Northern Ireland marriage rate tumbles by nearly 7%
The number of marriages in Northern Ireland took a big tumble in 2009, new statistics have revealed.
And marriage rates in England and Wales are at their lowest since records began, the Office for National Statistics (ONS) said.
The ONS said 266,950 weddings were recorded throughout the UK in 2009, reflecting a downward trend after a peak of 480,285 ceremonies in 1972.
Marriages in Scotland fell 4.8% from 28,903 in 2008 to 27,524 in 2009, and in Northern Ireland the number of marriages decreased by 6.8% to just 7,931 in 2009.
The number of marriages registered in Northern Ireland in 2008 was 8,500, a small decrease on the 8,700 registered in 2007.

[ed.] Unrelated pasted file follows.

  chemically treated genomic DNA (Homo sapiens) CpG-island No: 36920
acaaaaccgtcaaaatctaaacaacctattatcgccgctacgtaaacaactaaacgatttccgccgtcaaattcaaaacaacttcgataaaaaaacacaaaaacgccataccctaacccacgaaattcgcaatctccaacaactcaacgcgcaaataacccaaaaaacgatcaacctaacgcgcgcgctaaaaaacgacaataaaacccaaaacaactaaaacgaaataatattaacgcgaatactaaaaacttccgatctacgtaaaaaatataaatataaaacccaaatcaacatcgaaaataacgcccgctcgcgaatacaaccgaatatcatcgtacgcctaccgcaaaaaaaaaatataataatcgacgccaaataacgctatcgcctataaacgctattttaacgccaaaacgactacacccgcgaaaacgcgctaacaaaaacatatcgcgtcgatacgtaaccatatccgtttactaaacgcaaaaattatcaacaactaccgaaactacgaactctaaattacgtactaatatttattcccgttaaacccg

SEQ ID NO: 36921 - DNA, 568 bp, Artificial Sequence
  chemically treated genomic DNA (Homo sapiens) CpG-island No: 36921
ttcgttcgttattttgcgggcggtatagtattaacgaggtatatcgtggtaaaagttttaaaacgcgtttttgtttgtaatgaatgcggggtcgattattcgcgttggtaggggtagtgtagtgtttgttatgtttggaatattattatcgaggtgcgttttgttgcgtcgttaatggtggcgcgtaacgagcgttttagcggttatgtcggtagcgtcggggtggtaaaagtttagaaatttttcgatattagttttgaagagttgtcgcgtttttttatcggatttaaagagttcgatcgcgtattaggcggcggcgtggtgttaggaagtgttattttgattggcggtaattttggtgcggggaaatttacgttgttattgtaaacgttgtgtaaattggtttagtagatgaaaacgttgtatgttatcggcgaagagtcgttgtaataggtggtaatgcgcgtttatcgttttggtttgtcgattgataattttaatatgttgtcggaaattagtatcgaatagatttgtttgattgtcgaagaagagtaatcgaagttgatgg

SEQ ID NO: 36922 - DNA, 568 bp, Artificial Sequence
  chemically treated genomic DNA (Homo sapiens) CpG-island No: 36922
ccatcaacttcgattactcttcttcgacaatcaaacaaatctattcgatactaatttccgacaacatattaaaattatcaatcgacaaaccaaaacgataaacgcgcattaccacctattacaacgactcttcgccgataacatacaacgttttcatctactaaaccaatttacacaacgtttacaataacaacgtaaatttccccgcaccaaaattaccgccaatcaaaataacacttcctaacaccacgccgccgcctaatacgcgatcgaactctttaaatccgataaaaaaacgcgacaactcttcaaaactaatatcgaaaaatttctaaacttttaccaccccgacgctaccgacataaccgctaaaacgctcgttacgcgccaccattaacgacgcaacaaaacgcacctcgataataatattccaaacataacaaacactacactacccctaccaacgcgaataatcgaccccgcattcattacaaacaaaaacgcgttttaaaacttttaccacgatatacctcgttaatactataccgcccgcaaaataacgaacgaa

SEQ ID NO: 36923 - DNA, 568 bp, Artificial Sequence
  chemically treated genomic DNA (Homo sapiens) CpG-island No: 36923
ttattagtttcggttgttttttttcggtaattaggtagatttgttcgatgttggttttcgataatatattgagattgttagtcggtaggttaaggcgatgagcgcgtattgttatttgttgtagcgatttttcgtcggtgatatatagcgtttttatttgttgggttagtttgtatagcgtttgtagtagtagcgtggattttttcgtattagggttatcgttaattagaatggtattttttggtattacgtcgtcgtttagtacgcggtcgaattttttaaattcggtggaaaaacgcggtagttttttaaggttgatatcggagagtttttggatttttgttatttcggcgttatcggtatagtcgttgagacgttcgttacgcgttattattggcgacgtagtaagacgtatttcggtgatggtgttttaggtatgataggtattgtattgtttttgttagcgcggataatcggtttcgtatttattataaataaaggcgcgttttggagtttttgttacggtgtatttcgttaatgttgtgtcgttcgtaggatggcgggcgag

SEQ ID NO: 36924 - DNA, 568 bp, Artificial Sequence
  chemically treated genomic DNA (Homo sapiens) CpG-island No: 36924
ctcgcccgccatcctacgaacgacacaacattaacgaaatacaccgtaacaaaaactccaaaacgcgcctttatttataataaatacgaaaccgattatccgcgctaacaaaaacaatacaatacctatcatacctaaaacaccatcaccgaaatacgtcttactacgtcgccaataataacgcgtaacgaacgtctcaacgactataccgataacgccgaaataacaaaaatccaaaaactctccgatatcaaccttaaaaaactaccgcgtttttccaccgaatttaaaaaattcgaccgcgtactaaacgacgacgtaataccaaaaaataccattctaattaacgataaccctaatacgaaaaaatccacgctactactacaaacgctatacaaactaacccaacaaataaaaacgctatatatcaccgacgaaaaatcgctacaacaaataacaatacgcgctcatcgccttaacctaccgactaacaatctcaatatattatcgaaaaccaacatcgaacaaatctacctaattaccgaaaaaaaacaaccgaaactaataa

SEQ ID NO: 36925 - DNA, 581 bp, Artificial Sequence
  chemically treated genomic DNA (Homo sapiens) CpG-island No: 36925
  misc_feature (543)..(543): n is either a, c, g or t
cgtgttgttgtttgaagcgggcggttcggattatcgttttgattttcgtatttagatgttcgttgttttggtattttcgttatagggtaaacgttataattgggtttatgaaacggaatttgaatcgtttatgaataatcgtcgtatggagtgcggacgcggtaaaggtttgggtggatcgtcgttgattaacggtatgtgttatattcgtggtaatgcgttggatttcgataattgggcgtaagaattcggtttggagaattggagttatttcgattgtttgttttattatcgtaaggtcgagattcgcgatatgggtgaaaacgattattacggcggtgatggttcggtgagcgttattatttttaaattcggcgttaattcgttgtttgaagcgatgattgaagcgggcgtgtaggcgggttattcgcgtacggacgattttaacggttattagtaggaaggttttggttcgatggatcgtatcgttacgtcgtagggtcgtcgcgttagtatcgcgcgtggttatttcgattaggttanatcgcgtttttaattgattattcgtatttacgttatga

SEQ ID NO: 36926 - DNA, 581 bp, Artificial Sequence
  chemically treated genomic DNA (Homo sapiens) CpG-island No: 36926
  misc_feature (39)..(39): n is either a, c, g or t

An ONS spokeswoman said the falling marriage rate could be attributed to a rise |in people cohabiting rather than getting married and |an increase in the number of people delaying marriage to follow other goals.
”The number of people available to marry, the unmarried population aged 16 and over, has been increasing over the last few decades, so this is not the reason for the drop in marriages in 2009,” she said.
“In contrast, there has been a long-term decline in the marriage rate since the early 1970s and this is the driver of the fall in the number of marriages in 2009.”
The ONS said more than a third (35%) of marriages in 2009 were remarriages for one or both partners, down from 41% in 1999.
Civil ceremonies accounted for two-thirds (67%) of all ceremonies in 2009, up from 62% from 1999.
The ONS said the rise coincided with an increase in the number of premises licensed for weddings.